Saturday, May 3, 2008

Join the Neo-Amish Movement

No disrespect at all intended. The idea "Neo-Amish" came to me when I was thinking about what our ultimate goal(s) must be if we are to work towards a sufficient "renewable energy technology" in the future. I fully understand that there is a critical spiritual element of Amish & Mennonite faiths. "Neo-Amish" is intended only to refer to the essential "green" aspect of the lifestyle which (according to the Wikipedia entry) has been a direct result of their avoidance of "worldly" things.

On the surface, it appears that Amish morality shuns extensive use of energy as a form of vanity. If this is so, our Western energy-consuming lifestyle could really use an overhaul. If we called it "sin," we would all find ourselves contemplating suicide as the best way to reduce the burden on the planet. I cannot make a move without acknowledging overuse of energy! Our predicament reminds me of Nikos Kazantzakis' St. Francis. In the story, St. Francis "saves" an entire village of people, who all renounce the world and wish to follow a contemplative life. However, there is no one to do any of the daily tasks that make the village go, so he has to tell everyone a new angle on salvation. As I recall, they all get mad at him and drive him out of town.

We cannot let this wall of habit keep us from making some changes as soon as possible, and at least trying some more things.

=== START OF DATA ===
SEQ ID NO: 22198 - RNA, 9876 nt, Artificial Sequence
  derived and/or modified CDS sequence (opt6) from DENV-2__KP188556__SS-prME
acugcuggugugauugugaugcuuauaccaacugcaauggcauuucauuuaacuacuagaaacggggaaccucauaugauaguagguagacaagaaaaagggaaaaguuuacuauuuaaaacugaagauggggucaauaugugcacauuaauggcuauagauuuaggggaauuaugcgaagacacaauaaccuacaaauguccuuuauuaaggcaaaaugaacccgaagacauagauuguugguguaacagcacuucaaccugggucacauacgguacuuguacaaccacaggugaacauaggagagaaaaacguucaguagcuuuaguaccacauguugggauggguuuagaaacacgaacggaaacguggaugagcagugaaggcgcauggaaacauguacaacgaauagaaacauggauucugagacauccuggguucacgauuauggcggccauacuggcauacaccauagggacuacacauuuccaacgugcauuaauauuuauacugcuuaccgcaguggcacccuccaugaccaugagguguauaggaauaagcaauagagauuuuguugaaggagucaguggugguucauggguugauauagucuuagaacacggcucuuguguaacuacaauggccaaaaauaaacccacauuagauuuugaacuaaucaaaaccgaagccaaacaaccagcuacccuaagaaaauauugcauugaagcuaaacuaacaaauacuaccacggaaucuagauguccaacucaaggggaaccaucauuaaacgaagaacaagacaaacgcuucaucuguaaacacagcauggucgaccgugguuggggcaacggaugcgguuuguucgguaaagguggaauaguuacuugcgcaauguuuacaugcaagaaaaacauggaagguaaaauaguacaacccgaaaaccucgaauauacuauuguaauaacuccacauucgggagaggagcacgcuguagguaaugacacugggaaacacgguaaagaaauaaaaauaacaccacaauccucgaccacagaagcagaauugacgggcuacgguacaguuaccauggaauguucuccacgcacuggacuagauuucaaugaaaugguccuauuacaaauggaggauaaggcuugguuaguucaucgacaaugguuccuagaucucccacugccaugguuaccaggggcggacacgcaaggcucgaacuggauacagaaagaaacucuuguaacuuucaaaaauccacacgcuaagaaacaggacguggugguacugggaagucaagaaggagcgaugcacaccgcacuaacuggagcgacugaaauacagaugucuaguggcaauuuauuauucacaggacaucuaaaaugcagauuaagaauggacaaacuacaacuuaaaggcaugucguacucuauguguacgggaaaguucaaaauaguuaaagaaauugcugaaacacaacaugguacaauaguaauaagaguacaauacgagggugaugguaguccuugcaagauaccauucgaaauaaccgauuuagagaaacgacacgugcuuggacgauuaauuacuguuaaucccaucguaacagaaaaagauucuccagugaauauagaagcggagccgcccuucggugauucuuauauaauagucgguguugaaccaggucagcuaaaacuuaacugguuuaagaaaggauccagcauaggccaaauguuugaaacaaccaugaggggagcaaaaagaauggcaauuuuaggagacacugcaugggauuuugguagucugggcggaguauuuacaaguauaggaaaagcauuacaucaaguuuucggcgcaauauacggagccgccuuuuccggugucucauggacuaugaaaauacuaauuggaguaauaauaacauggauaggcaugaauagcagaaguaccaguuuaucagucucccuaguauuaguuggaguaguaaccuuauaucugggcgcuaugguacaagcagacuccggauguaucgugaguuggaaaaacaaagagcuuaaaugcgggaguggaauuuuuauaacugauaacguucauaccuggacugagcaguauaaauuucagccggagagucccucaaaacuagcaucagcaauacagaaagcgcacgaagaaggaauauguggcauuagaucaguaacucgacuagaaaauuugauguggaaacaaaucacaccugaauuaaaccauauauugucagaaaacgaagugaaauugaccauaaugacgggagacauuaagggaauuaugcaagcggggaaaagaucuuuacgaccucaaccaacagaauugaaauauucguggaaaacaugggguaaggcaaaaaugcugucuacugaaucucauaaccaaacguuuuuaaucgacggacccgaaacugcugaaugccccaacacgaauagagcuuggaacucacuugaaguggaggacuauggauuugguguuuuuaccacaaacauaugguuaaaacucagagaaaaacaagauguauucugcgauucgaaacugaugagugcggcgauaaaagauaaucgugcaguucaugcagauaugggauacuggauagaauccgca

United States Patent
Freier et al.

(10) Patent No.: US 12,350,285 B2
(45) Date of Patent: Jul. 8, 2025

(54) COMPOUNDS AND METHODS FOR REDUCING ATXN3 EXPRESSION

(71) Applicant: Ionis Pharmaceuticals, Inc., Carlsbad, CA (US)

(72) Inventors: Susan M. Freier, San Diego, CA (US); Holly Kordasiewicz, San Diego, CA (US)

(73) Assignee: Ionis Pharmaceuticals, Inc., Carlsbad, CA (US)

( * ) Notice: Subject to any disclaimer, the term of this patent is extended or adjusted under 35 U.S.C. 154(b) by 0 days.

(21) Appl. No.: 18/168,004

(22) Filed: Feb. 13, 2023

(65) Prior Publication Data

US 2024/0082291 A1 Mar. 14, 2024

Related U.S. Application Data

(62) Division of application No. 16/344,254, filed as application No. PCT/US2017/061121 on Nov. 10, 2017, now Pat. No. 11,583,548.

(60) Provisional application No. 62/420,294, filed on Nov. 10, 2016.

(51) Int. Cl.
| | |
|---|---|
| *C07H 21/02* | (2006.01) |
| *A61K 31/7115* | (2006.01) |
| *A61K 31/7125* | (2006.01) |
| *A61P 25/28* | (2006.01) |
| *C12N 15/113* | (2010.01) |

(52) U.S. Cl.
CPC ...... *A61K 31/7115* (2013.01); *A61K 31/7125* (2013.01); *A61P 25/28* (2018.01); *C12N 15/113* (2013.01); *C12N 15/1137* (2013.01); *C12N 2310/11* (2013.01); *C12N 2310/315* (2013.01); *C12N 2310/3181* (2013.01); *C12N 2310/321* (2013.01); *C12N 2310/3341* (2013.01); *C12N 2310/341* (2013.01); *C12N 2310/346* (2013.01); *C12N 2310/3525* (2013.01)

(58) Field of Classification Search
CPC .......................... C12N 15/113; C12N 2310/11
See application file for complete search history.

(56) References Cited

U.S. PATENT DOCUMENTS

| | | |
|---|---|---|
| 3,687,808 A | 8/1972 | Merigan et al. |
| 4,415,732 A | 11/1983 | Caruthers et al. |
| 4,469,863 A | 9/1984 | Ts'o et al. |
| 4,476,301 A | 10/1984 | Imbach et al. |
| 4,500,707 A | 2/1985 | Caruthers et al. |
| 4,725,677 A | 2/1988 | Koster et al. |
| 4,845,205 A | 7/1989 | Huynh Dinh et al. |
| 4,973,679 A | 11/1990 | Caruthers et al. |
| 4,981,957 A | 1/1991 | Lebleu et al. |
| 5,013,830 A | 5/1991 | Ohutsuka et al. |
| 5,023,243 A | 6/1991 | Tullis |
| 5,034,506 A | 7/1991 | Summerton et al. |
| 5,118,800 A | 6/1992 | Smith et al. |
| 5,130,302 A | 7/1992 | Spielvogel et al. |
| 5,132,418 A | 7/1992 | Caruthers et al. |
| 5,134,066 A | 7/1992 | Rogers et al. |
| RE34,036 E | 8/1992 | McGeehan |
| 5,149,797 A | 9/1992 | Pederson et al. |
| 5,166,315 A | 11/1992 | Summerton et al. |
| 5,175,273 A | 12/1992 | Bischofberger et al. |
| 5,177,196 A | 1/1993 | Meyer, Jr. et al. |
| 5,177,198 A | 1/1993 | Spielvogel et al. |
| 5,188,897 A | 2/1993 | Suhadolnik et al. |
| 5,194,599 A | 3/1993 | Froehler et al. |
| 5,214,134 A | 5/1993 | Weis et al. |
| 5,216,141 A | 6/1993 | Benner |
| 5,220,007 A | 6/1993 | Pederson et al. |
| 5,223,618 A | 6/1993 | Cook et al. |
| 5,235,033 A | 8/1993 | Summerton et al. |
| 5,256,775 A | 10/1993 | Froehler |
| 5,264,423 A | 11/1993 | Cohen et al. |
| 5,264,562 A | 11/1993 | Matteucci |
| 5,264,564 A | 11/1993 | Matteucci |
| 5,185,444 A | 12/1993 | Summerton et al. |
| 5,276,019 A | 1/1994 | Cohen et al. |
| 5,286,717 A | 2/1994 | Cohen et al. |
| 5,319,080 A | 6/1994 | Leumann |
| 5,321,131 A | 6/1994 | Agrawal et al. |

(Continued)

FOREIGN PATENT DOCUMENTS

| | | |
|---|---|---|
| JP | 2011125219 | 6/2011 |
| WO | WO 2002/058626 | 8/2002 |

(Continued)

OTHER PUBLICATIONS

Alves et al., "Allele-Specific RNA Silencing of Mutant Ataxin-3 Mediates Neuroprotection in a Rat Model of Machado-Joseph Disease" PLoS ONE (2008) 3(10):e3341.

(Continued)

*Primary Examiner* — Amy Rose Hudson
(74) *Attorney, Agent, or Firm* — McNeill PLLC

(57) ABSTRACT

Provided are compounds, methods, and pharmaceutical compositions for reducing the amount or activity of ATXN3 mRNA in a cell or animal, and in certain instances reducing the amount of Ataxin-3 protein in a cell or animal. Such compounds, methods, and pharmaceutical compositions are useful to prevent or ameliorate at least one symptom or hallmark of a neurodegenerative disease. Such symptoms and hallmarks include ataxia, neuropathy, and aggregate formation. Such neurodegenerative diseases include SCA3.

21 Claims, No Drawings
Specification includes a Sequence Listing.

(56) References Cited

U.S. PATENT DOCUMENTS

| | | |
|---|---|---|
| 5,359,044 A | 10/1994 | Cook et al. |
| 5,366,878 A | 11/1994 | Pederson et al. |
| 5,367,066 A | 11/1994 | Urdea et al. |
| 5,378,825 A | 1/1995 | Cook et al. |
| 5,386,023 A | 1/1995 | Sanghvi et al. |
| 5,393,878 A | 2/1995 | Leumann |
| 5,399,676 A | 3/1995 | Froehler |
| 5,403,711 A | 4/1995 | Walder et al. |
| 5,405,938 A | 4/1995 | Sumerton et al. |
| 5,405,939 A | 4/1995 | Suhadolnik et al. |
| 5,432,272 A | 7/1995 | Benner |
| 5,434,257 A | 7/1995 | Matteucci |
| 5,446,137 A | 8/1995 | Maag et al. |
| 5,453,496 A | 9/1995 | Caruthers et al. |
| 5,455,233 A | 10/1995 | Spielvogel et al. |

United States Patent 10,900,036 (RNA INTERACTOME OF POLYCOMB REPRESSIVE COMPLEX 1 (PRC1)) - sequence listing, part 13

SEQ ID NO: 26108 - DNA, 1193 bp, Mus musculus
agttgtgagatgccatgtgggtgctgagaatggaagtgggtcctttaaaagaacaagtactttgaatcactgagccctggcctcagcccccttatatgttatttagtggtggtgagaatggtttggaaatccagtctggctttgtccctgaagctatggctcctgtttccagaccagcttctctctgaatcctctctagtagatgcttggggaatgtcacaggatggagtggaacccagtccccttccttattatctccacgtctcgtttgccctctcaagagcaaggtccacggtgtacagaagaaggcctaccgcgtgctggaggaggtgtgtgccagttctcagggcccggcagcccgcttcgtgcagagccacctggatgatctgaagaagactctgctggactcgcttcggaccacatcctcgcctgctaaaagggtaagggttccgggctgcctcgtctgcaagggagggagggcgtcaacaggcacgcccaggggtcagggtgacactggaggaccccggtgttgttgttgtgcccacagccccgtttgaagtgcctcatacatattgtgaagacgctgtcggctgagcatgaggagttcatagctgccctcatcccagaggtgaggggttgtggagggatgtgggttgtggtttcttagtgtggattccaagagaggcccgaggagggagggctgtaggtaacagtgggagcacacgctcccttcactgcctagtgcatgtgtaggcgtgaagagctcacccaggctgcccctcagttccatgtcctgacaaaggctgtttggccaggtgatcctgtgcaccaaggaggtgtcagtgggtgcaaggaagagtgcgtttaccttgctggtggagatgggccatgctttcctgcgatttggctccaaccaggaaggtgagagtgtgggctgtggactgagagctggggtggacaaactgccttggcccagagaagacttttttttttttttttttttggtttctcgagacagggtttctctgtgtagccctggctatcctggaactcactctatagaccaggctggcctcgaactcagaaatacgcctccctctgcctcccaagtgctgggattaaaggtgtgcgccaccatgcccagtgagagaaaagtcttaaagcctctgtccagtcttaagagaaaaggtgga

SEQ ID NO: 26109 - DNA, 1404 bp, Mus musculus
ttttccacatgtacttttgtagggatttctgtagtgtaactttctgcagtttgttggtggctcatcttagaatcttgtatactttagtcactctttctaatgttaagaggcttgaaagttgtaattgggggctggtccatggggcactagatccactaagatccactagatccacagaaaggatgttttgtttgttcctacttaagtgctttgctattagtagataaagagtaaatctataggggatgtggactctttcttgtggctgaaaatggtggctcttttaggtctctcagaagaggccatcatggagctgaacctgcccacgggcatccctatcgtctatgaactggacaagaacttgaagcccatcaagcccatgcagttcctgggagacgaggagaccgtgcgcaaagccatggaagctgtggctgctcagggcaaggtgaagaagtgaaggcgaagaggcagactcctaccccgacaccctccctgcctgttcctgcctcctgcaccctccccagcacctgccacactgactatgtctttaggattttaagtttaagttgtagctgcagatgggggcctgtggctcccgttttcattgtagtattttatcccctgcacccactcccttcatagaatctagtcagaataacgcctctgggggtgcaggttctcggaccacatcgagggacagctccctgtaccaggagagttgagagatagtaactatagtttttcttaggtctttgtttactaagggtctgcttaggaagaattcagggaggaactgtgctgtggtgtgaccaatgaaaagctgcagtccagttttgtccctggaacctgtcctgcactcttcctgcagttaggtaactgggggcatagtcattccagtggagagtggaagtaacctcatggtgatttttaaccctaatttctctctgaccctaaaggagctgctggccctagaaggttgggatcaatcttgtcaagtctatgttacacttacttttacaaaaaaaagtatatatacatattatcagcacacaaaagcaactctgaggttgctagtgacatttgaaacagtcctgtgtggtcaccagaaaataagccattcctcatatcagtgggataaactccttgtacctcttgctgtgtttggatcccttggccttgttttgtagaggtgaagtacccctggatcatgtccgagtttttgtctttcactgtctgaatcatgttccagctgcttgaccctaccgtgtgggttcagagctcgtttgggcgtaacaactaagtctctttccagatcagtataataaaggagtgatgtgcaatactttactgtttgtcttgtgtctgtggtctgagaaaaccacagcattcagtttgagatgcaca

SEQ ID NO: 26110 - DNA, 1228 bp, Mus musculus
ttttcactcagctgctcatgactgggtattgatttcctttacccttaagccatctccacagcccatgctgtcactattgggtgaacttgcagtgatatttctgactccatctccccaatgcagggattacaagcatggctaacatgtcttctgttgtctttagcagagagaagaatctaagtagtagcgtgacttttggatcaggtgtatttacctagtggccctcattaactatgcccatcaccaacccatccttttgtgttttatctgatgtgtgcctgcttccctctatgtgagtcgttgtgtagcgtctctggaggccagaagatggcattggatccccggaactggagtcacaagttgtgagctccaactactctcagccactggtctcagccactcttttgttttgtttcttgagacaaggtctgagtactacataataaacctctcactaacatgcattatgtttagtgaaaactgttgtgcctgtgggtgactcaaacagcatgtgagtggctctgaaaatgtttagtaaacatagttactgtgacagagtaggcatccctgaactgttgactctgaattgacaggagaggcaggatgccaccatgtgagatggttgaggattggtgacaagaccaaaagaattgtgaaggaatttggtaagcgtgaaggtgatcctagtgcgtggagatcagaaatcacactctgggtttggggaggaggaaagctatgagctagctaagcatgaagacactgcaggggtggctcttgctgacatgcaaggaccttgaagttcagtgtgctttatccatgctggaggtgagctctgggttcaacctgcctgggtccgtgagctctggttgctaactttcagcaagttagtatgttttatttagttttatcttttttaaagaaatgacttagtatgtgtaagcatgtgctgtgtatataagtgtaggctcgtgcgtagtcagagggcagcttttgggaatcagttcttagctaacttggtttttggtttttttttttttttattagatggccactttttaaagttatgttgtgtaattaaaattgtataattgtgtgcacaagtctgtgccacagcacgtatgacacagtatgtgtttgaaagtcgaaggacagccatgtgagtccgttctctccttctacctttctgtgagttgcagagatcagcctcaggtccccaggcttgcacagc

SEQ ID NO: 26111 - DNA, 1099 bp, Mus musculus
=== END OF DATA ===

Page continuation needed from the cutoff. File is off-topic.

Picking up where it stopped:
We have so many conveniences (not the least of which is the computer I am typing on and the one you are reading from) which are "convenient" at a fairly significant energy cost. A few weeks ago, I was reading an article about computer time donations to "Folding@home," a major grid supercomputing effort, that talked about having ~1 million PS3s donating 8 hours per day at about 220 watts. Something like 1.6 billion watt-hours per day are required to make inroads against protein-folding related diseases! Perhaps, for my daily work, I can use the One-Laptop Per Child unit, which runs at a LOT lower energy cost, and is hand-cranked. I think that organization has a new, valid market for the OLPC that should not be overlooked.

As I look at every aspect of my own lifestyle, I realize what a long way I have to go. I need to put up a clothesline, begin to wash dishes by hand in lukewarm water, do a MAJOR planning effort into how & when we use the family autos, make sure all lights in the house are LED or fluorescent, cook less, bathe less, turn more things off, walk more, turn up the thermostat in summer (and turn it down in the winter), watch less TV/video DVD, break out the old Monopoly and jigsaw puzzles, learn how to play cards with real cards again, the list goes ON and On and on.

I bet the Amish don't play cards. But, they drive horse & buggy for local transport and usually don't use phones (the heart clutches in fear at the thought). We are not going to get 300 million Americans back to a farm/subsistence lifestyle. We can turn off a few million streetlights, go to a four-day work week, and try to get to know our neighbors better.

Some technology ought to save energy. I think cell phones are essential, and the internet must be cheaper than driving, is it not? I gotta re-think those 1.6 BILLION watt-hours per day on a single project, though, don't I?

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